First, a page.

fbpx

With the advancement of technology, computerization has given us many great scientific achievements and generally improve the lives of the people living on this earth. However, with great power comes great responsibility, such advents have given governments, and companies numerous outlets to gather information about people. From selling private data to election tampering, there has been no shortage of misused technology. Even now, surrounded by cameras, microphones, and sensors, we are under surveillance at all times.

And now, through the creation of Facial Recognition Technology, people can be instantly identified with only a single image. So, this begs the question, is privacy dead? Have we traded in our privacy for our devotion to social media and wholesale uptake of online services? 

To better understand this, Facial recognition technology creates a template from a facial image captured via security cameras or another device. And then matches that template to preexisting images found in places like identification records or even social media. This means, anyone, anywhere during any time can simply snap a photo of you and instantly be able to receive private information about you, such as where you live, where you work, etc.

China currently uses Facial Recognition in all its security systems and these systems are implemented everywhere in the country. In schools, public areas, shopping malls and so on. The nation has also made it compulsory for telecom carriers to scan the face of anyone applying for mobile and internet service to verify that the applicant is indeed an owner of a valid ID. Meanwhile, the Hong Kong government has also invoked a ban on face masks to prevent people from hiding their faces from the system. 

In the United States of America, college campuses are planning to use facial recognition technology to monitor its students and use it as a way to gain access to buildings to prove authenticity and to deny entry to people with restricted access to the campus, matching their faces against a database. Although, this is met with heavy protests from students and activist groups alike. The concerns are that it invades the privacy of students and will encourage racial profiling. According to The Daily Bruin “It is one thing to monitor campus activity with security cameras but it’s another entirely to automatically identify individuals and track their every move.”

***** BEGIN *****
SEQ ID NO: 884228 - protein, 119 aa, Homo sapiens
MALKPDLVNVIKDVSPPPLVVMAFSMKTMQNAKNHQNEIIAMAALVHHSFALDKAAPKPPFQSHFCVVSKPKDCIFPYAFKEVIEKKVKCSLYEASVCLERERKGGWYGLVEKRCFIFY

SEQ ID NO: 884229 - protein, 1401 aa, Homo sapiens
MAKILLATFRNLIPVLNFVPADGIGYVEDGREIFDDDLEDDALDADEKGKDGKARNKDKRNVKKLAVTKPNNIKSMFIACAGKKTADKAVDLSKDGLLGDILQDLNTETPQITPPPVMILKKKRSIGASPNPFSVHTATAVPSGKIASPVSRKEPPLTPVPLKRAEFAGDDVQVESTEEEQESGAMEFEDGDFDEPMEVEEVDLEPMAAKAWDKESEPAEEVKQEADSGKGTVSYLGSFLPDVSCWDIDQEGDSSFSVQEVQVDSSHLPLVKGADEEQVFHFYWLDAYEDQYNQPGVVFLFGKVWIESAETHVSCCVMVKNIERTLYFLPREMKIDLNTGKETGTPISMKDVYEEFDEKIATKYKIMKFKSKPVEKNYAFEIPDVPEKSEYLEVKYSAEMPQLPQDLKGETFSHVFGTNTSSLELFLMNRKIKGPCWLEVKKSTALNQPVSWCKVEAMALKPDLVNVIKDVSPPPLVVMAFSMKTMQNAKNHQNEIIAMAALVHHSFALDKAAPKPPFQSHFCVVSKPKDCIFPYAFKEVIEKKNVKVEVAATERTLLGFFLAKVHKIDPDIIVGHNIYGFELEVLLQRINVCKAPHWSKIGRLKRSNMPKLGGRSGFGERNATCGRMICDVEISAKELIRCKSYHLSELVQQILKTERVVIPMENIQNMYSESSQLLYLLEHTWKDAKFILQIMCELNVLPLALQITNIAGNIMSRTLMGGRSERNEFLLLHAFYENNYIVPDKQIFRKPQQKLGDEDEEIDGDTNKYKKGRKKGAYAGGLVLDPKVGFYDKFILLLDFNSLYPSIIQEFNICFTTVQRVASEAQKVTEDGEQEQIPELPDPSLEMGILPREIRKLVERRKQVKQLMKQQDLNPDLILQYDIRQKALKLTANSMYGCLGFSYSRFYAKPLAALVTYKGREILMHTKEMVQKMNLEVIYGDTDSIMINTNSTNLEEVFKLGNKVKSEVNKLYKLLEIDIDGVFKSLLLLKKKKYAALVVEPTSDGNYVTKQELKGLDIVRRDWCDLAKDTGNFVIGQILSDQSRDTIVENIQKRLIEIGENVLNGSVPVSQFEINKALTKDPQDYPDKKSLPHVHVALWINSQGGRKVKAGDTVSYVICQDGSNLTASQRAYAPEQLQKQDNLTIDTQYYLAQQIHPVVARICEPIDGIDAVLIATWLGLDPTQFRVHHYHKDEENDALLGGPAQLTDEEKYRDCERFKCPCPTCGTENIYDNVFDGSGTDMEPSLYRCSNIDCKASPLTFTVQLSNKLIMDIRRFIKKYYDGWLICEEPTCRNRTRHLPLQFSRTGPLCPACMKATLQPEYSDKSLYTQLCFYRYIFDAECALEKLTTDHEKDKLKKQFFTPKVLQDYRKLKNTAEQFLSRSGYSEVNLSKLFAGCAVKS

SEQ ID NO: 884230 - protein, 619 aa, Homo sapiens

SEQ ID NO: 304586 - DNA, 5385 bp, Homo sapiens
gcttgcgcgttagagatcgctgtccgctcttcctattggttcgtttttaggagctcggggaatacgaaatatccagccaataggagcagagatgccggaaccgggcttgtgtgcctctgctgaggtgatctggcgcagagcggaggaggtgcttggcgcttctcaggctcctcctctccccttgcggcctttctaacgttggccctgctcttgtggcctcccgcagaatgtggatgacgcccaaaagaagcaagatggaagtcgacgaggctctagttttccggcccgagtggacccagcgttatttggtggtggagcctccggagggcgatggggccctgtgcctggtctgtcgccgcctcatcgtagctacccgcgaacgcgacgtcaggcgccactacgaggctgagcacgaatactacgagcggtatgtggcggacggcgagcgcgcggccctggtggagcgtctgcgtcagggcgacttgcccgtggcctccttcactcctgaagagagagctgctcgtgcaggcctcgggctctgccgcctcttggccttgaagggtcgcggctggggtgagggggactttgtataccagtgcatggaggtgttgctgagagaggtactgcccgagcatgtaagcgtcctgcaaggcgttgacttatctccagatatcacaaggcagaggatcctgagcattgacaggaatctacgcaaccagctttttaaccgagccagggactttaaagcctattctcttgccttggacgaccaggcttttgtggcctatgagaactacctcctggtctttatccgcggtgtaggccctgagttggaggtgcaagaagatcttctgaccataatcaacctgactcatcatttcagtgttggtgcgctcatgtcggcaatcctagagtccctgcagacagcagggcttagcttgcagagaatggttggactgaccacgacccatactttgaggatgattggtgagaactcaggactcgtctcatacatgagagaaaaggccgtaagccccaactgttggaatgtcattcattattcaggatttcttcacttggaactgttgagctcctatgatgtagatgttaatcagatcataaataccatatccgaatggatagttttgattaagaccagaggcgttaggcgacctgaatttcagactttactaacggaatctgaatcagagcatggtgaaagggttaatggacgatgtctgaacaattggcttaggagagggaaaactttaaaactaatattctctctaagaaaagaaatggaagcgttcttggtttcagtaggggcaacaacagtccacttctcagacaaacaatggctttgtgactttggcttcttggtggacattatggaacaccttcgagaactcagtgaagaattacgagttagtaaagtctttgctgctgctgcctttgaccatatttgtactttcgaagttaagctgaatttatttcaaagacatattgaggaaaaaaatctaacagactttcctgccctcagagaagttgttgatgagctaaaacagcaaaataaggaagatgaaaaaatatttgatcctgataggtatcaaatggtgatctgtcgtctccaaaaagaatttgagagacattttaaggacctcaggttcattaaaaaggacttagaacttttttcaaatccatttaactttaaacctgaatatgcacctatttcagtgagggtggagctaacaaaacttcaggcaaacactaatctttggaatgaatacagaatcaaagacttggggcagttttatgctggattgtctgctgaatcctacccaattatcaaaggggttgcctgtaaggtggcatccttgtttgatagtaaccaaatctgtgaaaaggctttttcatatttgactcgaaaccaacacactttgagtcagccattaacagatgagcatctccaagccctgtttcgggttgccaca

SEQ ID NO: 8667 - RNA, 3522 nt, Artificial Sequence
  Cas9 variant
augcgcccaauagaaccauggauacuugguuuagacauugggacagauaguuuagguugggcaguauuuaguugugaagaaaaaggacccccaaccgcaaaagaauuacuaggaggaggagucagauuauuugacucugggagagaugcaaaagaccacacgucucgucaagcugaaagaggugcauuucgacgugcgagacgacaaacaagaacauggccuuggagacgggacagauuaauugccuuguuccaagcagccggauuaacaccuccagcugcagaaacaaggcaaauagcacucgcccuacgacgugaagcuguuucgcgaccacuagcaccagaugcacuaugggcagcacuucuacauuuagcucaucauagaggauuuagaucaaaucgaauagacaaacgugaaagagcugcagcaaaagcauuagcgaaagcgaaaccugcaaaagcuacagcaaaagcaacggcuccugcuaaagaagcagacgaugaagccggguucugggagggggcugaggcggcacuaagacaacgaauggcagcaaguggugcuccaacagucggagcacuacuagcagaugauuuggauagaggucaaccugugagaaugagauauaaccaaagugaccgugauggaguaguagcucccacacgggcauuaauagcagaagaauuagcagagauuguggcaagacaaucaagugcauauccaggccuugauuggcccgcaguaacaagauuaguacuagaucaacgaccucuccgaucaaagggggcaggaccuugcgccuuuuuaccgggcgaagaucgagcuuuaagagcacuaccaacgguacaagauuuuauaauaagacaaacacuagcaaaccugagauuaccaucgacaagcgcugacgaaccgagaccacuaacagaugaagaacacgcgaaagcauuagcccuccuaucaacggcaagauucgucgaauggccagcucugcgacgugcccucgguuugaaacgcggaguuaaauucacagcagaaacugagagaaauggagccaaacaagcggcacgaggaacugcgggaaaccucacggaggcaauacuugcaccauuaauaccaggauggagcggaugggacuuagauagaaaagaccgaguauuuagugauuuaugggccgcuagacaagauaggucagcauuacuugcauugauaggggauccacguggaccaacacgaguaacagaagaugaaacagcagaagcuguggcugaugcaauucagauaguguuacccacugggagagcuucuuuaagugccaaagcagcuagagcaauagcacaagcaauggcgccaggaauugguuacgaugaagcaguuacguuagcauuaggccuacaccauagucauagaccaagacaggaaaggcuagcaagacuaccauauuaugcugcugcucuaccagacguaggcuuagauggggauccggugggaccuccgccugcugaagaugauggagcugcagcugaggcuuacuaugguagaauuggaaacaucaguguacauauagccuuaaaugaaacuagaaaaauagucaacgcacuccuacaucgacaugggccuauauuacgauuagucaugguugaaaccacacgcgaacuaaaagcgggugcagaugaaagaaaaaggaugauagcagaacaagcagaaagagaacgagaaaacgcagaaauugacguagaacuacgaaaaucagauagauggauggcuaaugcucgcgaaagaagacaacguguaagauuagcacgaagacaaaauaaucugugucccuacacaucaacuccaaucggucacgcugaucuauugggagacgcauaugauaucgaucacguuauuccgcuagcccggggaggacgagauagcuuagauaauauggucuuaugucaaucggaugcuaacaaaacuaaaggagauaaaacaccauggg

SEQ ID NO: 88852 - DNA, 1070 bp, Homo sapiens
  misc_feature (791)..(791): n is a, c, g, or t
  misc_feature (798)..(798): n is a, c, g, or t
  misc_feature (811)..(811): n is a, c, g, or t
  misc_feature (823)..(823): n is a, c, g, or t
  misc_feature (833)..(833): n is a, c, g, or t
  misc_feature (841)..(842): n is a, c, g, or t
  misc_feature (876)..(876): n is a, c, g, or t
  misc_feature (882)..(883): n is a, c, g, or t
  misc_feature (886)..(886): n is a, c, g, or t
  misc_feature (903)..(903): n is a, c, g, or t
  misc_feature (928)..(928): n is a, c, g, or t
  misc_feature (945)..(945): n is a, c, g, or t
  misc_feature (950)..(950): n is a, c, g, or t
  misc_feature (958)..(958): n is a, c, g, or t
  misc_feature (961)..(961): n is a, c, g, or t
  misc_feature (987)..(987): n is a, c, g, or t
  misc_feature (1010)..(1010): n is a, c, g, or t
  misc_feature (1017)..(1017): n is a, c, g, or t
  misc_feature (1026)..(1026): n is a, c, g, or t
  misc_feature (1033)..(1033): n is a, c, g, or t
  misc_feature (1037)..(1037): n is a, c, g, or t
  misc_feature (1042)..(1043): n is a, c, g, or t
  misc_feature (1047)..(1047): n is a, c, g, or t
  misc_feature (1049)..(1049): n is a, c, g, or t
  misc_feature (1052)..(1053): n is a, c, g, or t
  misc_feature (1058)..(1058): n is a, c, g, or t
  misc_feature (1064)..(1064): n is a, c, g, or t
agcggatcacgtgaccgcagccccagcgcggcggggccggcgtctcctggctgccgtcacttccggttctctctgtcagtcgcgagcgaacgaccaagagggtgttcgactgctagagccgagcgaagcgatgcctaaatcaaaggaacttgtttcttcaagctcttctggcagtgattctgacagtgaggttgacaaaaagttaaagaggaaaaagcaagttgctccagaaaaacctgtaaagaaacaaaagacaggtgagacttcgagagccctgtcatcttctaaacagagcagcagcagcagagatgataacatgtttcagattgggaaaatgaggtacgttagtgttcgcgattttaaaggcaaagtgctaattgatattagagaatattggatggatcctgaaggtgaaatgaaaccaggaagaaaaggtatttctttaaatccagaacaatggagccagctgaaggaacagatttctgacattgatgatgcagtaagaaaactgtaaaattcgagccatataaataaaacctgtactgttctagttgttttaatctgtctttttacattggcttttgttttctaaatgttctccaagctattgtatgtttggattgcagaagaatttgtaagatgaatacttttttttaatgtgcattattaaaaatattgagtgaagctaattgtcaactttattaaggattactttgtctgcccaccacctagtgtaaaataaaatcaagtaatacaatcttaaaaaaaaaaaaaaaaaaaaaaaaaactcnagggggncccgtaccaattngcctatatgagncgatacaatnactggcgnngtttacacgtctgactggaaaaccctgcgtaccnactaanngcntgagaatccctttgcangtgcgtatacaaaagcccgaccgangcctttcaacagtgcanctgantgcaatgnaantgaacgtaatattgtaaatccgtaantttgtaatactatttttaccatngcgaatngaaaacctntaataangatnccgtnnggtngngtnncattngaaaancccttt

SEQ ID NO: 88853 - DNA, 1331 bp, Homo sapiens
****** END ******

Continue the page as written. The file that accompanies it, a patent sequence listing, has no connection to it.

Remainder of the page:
Also noting, Facial recognition systems are often inaccurate especially when It comes to recognizing women and people of color. A study done by the National Institute of Standards and Technology found that for one-to-one matching, there are higher rates of false positives for Asian and African American faces relative to images of Caucasians. A non-profit advocacy group Fight for the Future experimented using Amazon’s commercially available Facial Recognition software, ‘Rekognition’ and discovered that out of 400 faces in total, 58 were falsely matched. In many cases, the software matched 2 individuals who had almost nothing in common beyond their race and claimed they were the same person with 100% confidence.

Facial Recognition is also used in other cases such as the FBI (Federal Bureau of Investigation) to scan through databases of drivers’ license photos. Airports use it to screen passengers on international flights. Police use it to identify and arrest individuals at protests.

This is but a taste of the future to come, the end of privacy is inevitable. Unless there’s some sort of regulation enforcing people to pump the brakes, we cannot be certain what will happen. So, is facial recognition a good thing? It is worth it to trade our privacy for security?